3. Happy people don’t sweat the small stuff.

One of the biggest things happy people do differently compared to unhappy people is they let stuff go. Bad things happen to good people sometimes. Happy people realize this, are able to take things in stride, and move on. Unhappy people tend to dwell on minor inconveniences and issues, which can perpetuate feelings of sadness, guilt, resentment, greed, and anger.

4. Happy people take responsibility for their actions.

Happy people aren’t perfect, and they’re well aware of that. When they screw up, they admit it. They recognize their faults and work to improve on them. Unhappy people tend to blame others and always find an excuse why things aren’t going their way. Happy people, on the other hand, live by the mantra:

“There are two types of people in the world: those that do and those that make excuses why they don’t.”

5. Happy people surround themselves with other happy people.

happiness surrounding

    One defining characteristic of happy people is they tend to hang out with other happy people. Misery loves company, and unhappy people gravitate toward others who share their negative sentiments. If you’re struggling with a bout of sadness, depression, worry, or anger, spend more time with your happiest friends or family members. Chances are, you’ll find that their positive attitude rubs off on you.

    6. Happy people are honest with themselves and others.

    People who are happy often exhibit the virtues of honesty and trustworthiness. They would rather give you candid feedback, even when the truth hurts, and they expect the same in return. Happy people respect people who give them an honest opinion.

    7. Happy people show signs of happiness.

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    smile

      This one may sound obvious but it’s a key differentiator between happy and unhappy people. Think about your happiest friends. Chances are, the mental image you form is of them smiling, laughing, and appearing genuinely happy. On the flip side, those who aren’t happy tend to look the part. Their posture may be slouched and you may perceive a lack of confidence.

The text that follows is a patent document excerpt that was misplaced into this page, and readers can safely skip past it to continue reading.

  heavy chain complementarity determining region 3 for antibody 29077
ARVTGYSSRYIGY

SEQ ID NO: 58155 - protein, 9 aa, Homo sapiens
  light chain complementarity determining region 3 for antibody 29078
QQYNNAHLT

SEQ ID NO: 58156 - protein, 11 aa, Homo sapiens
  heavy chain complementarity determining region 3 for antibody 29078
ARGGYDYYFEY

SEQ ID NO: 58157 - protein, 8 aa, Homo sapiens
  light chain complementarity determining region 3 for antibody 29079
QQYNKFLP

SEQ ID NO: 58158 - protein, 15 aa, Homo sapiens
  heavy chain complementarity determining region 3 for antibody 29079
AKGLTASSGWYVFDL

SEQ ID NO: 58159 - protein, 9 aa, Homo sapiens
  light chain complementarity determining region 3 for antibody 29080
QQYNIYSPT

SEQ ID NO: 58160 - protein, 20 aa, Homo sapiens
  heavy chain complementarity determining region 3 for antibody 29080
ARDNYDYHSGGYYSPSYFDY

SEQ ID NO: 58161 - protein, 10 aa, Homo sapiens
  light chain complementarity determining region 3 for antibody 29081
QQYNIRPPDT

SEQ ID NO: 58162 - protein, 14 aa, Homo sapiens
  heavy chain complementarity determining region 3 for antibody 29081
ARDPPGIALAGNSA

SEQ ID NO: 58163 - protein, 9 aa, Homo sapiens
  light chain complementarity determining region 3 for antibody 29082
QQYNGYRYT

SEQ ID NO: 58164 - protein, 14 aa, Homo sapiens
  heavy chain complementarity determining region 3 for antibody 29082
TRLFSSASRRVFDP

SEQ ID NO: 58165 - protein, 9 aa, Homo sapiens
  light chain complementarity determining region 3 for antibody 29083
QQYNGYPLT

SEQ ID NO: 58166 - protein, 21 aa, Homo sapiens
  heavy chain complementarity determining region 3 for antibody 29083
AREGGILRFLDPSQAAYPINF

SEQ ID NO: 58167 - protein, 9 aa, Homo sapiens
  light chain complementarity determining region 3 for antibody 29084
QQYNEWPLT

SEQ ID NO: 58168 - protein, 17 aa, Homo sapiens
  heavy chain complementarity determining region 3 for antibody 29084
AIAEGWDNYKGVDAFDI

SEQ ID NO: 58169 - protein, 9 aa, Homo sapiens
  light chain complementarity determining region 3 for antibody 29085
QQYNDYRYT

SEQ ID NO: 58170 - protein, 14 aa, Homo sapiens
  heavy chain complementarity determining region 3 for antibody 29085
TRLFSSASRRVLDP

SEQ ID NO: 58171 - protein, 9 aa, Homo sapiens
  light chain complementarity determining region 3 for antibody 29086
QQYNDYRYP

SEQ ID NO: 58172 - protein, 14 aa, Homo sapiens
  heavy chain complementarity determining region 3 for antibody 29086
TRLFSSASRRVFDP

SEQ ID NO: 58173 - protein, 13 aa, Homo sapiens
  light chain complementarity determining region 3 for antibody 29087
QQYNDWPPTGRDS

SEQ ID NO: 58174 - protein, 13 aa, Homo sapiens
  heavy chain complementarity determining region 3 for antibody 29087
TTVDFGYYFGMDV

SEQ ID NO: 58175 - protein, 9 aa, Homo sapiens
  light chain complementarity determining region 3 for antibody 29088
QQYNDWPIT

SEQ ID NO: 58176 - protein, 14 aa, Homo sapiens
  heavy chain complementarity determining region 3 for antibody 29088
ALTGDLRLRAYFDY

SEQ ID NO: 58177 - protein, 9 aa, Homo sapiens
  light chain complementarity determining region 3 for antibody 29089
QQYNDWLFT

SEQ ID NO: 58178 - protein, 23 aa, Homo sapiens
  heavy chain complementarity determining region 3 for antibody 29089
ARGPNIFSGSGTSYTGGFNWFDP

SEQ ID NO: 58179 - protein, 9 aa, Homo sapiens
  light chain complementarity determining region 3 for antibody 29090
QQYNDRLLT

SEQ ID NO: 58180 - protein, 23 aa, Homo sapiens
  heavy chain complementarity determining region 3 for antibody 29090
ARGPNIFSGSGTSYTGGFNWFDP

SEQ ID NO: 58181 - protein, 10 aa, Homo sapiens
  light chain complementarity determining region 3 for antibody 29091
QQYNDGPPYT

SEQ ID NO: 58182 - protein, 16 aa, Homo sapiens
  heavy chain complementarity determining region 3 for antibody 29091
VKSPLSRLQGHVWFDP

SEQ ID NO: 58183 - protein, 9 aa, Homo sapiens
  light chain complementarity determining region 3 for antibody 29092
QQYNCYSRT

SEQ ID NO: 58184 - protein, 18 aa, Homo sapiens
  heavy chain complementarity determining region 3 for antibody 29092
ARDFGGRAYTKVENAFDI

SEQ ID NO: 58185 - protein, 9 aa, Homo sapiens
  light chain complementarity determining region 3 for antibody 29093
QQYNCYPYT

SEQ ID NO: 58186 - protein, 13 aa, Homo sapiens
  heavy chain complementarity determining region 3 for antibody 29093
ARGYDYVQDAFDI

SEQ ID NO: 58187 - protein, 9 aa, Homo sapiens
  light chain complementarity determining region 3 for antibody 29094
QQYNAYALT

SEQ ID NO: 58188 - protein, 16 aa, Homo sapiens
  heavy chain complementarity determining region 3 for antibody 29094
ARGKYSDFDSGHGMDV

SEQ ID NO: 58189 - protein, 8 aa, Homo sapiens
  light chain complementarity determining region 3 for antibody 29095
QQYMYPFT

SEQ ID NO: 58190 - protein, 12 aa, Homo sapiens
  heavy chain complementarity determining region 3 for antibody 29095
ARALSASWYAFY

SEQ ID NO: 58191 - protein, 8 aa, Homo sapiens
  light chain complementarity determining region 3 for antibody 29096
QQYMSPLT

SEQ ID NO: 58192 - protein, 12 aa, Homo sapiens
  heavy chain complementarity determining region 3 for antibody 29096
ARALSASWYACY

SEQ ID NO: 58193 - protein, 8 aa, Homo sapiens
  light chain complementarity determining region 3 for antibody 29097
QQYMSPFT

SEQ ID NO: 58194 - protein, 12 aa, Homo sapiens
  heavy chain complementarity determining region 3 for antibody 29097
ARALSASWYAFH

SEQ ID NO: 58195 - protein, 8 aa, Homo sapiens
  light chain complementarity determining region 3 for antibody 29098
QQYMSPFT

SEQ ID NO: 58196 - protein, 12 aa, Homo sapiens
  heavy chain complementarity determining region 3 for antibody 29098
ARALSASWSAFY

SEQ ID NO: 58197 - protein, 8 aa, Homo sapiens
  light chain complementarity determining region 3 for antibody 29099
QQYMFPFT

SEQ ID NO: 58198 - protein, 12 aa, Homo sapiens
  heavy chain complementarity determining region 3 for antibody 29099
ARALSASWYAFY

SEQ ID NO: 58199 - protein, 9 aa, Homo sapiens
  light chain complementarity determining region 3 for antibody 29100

8. Happy people are passionate.

      Another thing happy people have in common is their ability to find their passions in life and pursue those passions to the fullest. Happy people have found what they’re looking for, and they spend their time doing what they love.

      9. Happy people see challenges as opportunities.

      Folks who are happy accept challenges and use them as opportunities to learn and grow. They turn negatives into positives and make the best out of seemingly bad situations. They don’t dwell on things that are out of their control; rather, they seek solutions and creative ways of overcoming obstacles.

      10. Happy people live in the present.

      While unhappy people tend to dwell on the past and worry about the future, happy people live in the moment. They are grateful for “the now” and focus their efforts on living life to the fullest in the present. Their philosophy is:

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      There’s a reason it’s called “the present.” Because life is a gift.

      So if you’d like to bring a little more happiness into your life, think about the 10 principles above and how you can use them to make yourself better.